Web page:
Min-Raising in Turbo Sit and Go’s

In the super turbo sit and go’s at Full Tilt Poker most people will tell you that there is no play at all and you have to either push all-in or fold every hand because you will almost always have fewer than 10 times the big blind in chips.  This is true in principle, but in reality the minimum raise has a place in super turbo sit and go’s.  Especially in the early stages or the tournament or when you have more than 8 times the big blind in chips and even in some other unique situations when you are short stacked.

Early game minimum raises

Early in a super turbo SNG the minimum raise can be used to test the strength of your opponents hand without risking your entire stack.  For example, if you have 300 chips and you are in the small blind with a moderate hand making a minimum raise isn’t a bad option.  If your opponent has a bad hand here, they will more than likely fold because they know they are behind and they consider themselves in all-in/fold mode.  They may also put you on a big hand because you didn’t push all-in, which they consider to be a standard play at this point in the tournament.

The majority of the time your opponent will fold their big blind to a min raise.  On the other hand, if your opponent pushes in over the top then you can assume that your hand is beat and lay it down with 240 chips left to play with (most likely 210 since the big blind will have just hit you).  You will have just lost 60 chips, but you still have plenty of chips to double up to a healthy stack.

If your opponent does move over the top, then that means they likely would have called you if you pushed all-in in the first place.  So it’s much better to have 210 chips in this situation than 0.  If your opponent feels they have the pot odds and decides to call, then you still have a chance to catch a hand and possibly trap your opponent if you can.  There are many advantages to just making a min raise in the early stages of a super turbo rather than pushing all-in.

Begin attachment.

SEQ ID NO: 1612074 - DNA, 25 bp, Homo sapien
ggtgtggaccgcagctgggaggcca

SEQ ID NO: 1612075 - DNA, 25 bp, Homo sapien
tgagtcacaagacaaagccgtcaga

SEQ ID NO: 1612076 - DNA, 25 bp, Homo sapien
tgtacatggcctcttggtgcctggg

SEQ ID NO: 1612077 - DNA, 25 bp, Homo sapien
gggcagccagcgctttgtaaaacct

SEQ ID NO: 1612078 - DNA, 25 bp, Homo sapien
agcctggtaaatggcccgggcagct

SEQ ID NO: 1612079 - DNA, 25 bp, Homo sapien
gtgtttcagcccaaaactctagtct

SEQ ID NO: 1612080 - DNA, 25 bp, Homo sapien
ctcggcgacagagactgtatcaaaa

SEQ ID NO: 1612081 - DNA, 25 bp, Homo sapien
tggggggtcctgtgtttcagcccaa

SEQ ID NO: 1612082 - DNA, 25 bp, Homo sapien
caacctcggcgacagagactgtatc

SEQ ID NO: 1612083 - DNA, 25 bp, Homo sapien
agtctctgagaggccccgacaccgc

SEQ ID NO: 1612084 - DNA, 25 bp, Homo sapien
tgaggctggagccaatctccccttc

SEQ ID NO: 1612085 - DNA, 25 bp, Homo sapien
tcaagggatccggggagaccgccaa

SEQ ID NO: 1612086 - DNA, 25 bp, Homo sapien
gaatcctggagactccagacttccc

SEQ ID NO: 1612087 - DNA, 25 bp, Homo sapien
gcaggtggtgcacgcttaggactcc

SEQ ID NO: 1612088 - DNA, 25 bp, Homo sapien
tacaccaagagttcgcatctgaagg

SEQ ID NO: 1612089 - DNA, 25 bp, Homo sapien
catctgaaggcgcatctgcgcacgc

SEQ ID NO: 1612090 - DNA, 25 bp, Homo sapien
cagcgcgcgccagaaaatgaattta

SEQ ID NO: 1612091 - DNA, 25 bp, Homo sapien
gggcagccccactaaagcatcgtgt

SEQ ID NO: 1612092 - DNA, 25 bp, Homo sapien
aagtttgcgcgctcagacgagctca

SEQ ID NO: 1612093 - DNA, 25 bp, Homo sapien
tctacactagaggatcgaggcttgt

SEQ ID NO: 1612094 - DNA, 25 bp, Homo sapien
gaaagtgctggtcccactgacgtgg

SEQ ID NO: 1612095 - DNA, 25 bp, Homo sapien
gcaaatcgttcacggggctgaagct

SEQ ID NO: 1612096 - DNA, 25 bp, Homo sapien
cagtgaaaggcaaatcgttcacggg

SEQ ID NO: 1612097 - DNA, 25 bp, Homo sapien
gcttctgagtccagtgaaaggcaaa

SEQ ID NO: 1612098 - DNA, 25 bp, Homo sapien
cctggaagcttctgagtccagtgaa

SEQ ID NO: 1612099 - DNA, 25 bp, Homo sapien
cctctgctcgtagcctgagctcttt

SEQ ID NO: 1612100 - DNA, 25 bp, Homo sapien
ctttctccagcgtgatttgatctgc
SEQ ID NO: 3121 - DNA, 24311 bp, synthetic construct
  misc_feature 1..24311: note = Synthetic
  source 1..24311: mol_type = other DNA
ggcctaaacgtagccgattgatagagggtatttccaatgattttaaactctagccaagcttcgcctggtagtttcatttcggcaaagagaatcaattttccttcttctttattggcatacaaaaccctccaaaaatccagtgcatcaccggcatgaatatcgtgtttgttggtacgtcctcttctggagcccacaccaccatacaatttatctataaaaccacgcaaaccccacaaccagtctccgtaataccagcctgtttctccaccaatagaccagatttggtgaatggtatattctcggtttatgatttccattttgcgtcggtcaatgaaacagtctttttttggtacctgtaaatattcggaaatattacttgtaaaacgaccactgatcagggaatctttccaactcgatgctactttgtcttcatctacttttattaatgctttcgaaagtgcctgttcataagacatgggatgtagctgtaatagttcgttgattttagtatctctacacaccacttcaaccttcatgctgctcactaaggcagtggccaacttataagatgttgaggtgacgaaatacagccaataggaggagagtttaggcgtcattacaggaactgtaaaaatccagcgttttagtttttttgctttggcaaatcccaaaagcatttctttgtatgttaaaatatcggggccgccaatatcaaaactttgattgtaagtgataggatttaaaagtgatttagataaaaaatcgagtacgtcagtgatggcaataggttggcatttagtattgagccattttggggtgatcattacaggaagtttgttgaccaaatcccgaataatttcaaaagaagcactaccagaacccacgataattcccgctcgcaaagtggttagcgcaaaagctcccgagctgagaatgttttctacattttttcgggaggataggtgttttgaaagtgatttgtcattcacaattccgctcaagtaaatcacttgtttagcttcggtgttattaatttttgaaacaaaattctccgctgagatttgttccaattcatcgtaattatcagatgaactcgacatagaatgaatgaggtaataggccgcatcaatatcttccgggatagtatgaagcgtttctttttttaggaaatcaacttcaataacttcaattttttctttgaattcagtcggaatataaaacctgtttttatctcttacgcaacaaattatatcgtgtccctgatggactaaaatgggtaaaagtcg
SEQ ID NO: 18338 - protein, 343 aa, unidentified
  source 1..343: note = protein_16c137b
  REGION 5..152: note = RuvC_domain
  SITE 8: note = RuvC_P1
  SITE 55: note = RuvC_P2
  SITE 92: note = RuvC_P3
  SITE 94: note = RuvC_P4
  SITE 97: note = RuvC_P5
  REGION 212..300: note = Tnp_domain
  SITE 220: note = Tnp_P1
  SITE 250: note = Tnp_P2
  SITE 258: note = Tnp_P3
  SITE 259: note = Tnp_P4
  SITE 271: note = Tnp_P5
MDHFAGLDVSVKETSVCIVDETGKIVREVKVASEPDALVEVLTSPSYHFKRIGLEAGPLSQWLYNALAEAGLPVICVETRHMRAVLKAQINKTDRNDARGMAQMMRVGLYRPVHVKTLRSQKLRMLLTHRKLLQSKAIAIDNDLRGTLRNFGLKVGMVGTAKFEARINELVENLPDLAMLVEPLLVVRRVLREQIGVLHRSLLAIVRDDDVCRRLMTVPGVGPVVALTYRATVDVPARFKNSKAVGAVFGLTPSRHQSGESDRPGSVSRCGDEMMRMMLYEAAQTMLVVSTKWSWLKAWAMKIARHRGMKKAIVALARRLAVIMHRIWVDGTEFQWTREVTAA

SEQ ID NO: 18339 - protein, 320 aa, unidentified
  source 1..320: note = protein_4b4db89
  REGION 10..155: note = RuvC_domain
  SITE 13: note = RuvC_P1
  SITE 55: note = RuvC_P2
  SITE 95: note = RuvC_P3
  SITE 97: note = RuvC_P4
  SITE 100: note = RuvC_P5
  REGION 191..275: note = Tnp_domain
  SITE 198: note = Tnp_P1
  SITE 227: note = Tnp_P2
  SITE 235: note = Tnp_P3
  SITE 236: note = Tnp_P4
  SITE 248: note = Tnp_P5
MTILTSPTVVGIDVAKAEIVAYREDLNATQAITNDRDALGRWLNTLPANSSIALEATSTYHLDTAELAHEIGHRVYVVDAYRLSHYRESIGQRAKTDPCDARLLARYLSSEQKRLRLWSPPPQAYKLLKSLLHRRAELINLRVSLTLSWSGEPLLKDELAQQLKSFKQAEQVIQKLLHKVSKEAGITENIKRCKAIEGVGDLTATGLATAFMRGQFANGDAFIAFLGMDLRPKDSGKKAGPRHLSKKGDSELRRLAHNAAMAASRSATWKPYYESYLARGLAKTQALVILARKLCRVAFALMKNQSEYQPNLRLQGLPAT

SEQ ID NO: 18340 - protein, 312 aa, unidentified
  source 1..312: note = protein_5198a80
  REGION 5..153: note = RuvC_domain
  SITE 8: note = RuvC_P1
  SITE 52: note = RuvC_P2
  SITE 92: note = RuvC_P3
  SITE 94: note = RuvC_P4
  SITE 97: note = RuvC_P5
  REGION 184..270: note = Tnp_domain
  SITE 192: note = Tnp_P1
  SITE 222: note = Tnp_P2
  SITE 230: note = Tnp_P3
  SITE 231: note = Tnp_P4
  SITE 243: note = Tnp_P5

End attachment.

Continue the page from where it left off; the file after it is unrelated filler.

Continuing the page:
The main advantage is that if an opponent would have folded to a push they will likely fold to a min raise or possibly call.  If an opponent pushes over top of the min raise, then they likely would have called the all-in, but in this case you can get away from the hand and still have a chance to rebuild your stack.

Big Stack Minimum Raises

Another time minimum raises are advantageous in super turbo sit and go’s is when there are four or five players left and you are one of two big stacks.  You want to avoid confrontation with the other big stack, while still applying pressure on the small stacks.  In this situation you do not want to push all-in with a moderate hand to apply pressure and then have the other big stack call you with a monster putting you out on the bubble.

Minimum raises will apply pressure to the small stacks and encourage the big stack to fold.  Then, the small stacks will either push over the top for a little more, which you will gladly call or fold to the min raise because they can’t afford to see a flop with their limited chips.  If the other big blind pushes over the top you can fold with enough chips to maintain your solid position in the tournament.

Short Stack Minimum Raises

If you are short stacked, you can also use the minimum raise to confuse your opponents and make them think you have a monster.  For example, if you have been pushing with the short stack for a while and you have 200 chips with the blinds at 30/60 a minimum raise to 120 may encourage your opponents to fold, more than a full push to 200 would.  By changing your play you can induce a fold from your opponents even when you have a short stack.

As you can see from this article, there are plenty of situations in super turbo sit and go’s where making a minimum raise may be your best play.  Even though you will almost always have less than 10 times the big blind in chips you should make sure to include the minimum raise in your super turbo sit and go play book.